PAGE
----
Tim Booth, Associated Press

RENTON, Wash. (AP) — At this point, enough time has passed and enough turnover has taken place that most of the players Cliff Avril knew in Detroit have moved on.

That part of Avril’s career seems a lifetime ago. Back when he was on the other end of the spectrum from what he’s experienced in Seattle, going to the playoffs in each of his four seasons since landing with the Seahawks.

“A lot of guys are spoiled here,” Avril said. “A lot of these guys have been every year they’ve been in the league. You may take it for granted from time to time. But I’ve been at the very bottom where you have no chance. You’re probably packed up and gone home already at this point. So I definitely appreciate it for sure.”

Avril’s past and present will clash this week when the Seahawks host the Lions in the wild-card round of the NFC playoffs. It’s another chapter in a career during which Avril has experienced the lowest of lows — a 0-16 season as a rookie in 2008 with the Lions — and the ultimate success of winning a Super Bowl title in his first year after signing with the Seahawks in 2013.

This meeting with his former team comes after the best regular season of Avril’s career. He finished with a career-best 11 ½ sacks, tied for sixth best in the NFL. He was selected for the Pro Bowl for the first time. He also discovered his philanthropic side.

It’s been a year of growth for Avril that now gets connected to his past.

“Detroit was a cool city to be in. I have nothing but love for the people of Detroit,” Avril said Tuesday. “But football-wise we were just never able to win anything. But I had a great (defensive) line coach and I attribute a lot of the stuff I’m doing to him, helping me get the foundation of being able to rush and understanding how to rush.”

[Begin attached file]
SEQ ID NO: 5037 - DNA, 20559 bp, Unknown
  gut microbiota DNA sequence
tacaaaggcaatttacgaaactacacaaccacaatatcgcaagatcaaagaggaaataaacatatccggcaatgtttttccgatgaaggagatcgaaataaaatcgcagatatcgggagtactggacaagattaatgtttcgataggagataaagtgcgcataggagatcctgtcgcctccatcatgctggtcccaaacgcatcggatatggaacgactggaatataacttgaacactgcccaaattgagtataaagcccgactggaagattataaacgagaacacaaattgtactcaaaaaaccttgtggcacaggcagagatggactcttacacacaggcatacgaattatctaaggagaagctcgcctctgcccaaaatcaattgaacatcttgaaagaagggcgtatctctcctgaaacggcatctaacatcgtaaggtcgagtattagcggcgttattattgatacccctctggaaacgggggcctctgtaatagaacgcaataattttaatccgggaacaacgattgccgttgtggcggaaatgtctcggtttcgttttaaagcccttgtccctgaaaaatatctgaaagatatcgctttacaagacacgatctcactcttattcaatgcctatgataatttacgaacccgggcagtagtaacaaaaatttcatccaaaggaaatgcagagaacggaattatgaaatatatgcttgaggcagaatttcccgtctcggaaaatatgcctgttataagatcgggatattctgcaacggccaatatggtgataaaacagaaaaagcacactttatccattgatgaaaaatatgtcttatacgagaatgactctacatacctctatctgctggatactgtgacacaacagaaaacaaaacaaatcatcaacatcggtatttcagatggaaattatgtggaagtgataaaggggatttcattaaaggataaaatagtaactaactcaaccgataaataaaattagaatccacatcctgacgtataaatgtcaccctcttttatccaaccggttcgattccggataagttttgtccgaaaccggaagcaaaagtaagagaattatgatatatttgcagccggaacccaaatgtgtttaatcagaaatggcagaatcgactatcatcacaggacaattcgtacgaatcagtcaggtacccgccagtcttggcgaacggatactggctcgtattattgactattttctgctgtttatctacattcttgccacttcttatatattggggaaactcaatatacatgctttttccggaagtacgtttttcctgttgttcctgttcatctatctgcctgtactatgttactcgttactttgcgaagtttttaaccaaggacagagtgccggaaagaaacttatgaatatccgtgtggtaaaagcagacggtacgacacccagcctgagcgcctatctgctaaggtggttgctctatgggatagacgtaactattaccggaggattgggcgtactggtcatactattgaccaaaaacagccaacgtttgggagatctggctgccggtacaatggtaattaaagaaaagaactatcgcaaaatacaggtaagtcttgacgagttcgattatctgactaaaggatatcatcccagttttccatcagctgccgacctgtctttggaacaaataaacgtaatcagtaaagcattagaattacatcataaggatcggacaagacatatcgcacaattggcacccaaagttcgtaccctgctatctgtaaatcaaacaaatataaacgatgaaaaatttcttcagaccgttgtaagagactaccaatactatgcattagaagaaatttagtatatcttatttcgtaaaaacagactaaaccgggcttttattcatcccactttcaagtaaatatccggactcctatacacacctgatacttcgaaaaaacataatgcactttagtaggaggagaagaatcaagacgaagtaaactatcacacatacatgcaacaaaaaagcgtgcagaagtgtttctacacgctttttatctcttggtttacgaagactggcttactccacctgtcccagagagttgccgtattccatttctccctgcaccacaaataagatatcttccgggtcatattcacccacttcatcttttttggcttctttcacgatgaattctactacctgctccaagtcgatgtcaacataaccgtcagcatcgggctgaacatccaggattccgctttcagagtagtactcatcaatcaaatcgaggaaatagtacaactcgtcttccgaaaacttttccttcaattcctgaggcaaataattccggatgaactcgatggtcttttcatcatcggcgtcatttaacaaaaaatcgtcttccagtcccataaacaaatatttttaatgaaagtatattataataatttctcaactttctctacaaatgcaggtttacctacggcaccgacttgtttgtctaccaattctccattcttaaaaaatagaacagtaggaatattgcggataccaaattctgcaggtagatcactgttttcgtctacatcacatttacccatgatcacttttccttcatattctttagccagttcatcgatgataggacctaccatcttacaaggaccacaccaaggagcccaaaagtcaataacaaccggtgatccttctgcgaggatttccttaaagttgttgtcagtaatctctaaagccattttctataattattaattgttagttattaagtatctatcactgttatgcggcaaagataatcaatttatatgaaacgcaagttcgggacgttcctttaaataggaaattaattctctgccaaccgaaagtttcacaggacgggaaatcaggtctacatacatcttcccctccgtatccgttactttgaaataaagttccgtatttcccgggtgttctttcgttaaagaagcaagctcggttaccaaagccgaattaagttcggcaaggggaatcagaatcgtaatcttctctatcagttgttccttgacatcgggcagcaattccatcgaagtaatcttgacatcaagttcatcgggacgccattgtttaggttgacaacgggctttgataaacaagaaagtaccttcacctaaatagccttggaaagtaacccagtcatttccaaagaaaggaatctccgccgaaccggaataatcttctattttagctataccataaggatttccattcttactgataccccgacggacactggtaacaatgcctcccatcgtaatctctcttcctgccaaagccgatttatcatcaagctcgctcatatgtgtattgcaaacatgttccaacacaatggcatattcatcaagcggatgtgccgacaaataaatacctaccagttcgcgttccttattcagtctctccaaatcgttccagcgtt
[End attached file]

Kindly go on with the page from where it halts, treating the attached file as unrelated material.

Since arriving in Seattle, Avril has steadily seen his play time, production and impact increase. During the 2015 season, Avril set a career high with 47 tackles in the regular season. This season it was the increase in sacks, teaming with Michael Bennett and Frank Clark as the Seahawks tied with Denver for the third-best pass rush in the NFL with 42 sacks.

“I wish I had his speed,” Bennett said. “He’s super-fast. I wish I could do the things he could do around the edge and that’s pretty cool.”

The philanthropic part of Avril’s career season came with the decision to build a house in Haiti for every sack he made in the wake of Hurricane Matthew, which blew through the island country in the early fall. Avril, whose family is of Haitian decent, had previously given back by helping to rebuild an elementary school through his charity. He added the housing project — roughly $6,000 to $6,500 per house — after being contacted by Baltimore’s Elvis Dumervil, another player with Haitian heritage.

“They’re mostly built and made to be able to be shelter for a hurricane, and earthquakes as well,” Avril said. “The process of building it actually is local workers and basically kind of stimulates the economy a little bit as well, by doing it that way. … It’s a pretty cool little process. I can’t wait to go out there next offseason to see the progression.”




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